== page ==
In her poetry book released in 1969, Eve Merriam reserves some of her sharpest barbs for the city planners, politicians, government bureaucrats, and “crisis committees” who claim to help the poor but do nothing (or worse).
StreetMusicMap Radio gives buskers another kind of platform.
A new project hopes to increase tolerance by having passengers strike up conversations with their taxi and ride-hailing drivers.
Across the country, designers and coders are coming together to develop tools for communities targeted by Trump’s orders.
There’s some assembly required for the Swedish company’s new commuter bicycle, Sladda. Can it handle the rigors of the American city?
This photographer embarked on a quest to commemorate the human sides of 22 bustling cities.
The latest big gorilla romp is full of spectacle and explosions, but it’s missing something very important.
The street artist’s latest installation, The Walled Off Hotel, sits just 13 feet from Israel’s separation barrier in the West Bank city of Bethlehem.
The archeologist and author Brenna Hassett explains how cities shaped our skeletons.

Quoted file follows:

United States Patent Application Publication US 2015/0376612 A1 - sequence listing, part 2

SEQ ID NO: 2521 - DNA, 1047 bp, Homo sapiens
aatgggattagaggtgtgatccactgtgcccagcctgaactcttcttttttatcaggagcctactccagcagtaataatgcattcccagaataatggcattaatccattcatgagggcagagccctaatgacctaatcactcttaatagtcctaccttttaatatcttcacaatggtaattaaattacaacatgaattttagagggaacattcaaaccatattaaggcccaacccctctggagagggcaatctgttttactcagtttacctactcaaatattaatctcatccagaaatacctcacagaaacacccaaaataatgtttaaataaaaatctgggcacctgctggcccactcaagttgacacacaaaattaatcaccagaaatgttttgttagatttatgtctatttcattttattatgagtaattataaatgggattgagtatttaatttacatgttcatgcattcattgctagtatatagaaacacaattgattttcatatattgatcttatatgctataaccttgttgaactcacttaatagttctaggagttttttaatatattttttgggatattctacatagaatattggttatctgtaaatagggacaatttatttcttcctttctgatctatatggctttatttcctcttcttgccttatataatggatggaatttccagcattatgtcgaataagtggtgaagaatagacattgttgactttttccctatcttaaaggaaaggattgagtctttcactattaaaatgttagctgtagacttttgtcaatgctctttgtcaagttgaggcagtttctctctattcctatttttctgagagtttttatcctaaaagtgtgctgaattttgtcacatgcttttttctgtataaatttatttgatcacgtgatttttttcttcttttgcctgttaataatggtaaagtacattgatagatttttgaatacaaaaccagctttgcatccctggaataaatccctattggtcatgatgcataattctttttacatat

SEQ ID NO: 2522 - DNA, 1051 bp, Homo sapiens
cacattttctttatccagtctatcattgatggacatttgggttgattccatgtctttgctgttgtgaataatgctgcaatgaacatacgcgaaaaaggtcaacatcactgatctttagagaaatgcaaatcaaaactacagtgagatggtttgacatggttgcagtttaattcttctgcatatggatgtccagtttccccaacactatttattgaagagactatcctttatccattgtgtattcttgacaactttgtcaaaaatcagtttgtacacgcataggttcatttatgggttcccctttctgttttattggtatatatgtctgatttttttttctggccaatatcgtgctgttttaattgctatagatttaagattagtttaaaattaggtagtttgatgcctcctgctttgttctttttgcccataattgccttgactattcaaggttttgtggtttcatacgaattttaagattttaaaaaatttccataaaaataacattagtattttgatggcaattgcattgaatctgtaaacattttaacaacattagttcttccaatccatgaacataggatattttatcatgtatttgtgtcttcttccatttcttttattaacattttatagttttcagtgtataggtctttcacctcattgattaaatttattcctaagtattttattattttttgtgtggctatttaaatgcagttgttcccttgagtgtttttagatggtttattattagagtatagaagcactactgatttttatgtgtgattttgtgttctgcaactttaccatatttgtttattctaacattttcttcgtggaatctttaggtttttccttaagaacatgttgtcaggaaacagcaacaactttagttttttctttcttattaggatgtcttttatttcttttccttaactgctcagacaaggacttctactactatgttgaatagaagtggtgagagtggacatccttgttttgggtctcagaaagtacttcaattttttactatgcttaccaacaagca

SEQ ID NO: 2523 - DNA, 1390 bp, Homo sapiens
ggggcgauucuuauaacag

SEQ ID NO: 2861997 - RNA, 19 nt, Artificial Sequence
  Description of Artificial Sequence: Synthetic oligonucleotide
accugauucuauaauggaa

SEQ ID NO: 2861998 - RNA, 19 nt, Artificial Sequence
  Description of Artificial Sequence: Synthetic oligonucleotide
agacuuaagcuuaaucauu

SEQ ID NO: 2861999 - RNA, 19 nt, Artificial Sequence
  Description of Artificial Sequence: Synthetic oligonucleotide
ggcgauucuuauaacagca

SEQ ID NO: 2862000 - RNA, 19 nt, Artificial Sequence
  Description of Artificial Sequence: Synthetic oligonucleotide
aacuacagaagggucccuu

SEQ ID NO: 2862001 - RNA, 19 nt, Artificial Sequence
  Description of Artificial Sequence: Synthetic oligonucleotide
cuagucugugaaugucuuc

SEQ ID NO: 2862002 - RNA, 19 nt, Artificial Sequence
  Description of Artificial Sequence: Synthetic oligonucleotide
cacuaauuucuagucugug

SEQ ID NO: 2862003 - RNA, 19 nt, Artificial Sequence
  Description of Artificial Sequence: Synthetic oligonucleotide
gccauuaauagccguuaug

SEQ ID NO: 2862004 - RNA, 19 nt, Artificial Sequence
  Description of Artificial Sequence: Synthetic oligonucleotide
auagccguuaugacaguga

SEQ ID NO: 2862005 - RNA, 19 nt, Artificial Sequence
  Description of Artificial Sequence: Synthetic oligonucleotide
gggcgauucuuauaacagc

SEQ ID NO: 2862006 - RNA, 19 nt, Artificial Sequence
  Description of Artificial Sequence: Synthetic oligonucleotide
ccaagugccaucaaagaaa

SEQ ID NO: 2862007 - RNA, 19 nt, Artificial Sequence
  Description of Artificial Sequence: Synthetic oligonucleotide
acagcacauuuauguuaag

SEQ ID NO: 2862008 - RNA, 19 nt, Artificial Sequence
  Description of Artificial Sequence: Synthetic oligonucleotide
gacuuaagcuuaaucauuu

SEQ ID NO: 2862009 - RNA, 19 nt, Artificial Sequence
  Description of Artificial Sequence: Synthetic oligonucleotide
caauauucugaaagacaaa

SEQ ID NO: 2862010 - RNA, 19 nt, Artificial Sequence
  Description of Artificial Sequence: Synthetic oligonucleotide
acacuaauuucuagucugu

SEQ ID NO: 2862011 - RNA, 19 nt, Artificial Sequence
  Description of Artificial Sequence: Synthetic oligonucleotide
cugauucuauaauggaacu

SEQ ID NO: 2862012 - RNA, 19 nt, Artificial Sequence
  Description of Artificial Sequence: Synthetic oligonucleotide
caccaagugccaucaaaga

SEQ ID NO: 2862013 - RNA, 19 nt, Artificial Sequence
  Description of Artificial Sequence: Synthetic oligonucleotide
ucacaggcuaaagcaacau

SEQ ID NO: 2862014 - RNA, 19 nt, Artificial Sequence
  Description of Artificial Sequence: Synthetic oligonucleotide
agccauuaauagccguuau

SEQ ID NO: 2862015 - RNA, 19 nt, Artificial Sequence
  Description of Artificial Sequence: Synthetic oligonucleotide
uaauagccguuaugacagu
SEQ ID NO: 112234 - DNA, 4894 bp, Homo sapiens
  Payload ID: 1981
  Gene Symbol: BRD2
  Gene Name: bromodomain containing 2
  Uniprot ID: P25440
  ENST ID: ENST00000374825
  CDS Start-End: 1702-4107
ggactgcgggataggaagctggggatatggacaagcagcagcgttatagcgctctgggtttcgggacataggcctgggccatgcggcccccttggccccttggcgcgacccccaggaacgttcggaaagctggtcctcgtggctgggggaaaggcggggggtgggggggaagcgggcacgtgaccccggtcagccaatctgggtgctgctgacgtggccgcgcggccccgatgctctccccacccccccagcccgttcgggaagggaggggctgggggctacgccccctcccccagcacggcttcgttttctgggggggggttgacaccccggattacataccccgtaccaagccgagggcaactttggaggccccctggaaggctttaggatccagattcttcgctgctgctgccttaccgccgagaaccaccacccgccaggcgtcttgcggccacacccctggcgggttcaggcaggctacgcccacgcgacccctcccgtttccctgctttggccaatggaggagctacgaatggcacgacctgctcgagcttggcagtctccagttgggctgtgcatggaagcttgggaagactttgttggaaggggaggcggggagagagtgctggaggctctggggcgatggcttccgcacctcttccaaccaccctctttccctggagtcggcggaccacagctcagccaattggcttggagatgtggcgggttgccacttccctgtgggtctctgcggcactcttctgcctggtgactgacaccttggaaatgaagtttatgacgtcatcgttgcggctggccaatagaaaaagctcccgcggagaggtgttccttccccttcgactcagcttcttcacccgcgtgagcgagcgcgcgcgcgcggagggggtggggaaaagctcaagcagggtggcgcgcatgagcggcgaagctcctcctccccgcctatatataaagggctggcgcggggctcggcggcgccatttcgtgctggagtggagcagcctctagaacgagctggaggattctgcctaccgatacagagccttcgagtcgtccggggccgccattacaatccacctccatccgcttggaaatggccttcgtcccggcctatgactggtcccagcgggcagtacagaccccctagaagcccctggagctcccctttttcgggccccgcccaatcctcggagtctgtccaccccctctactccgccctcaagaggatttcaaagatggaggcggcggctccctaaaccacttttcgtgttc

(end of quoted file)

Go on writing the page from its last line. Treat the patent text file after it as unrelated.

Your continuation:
The national dish is really a fusion of immigrant fare.
A Toronto design competition invites an unlikely urban activity—going to the beach during the chilly off-season.
An MIT composer is collecting snippets of sound to turn Miami and Philadelphia into audio masterpieces.
A photographer explores the emotional connections of mementos that change hands at Dallas estate sales.
Map enthusiast Blair Thornburgh is so fascinated by redistricting that she whipped up some love letters to democracy.
The documentary about the Middle East’s first all-female race car driving team reveals the realities of life in the cities of the West Bank.
It was only a matter of time before a canine-friendly app sprung up Tel Aviv.
The film chronicles beautifully banal life in the New Jersey city.
Her show—and the shows her production company created—helped define what American cities looked like on TV in the 1970s.
A new photography book captures the cultures that collide underground.
The new film portrays 1979 as a moment when Americans might have gone down a different path.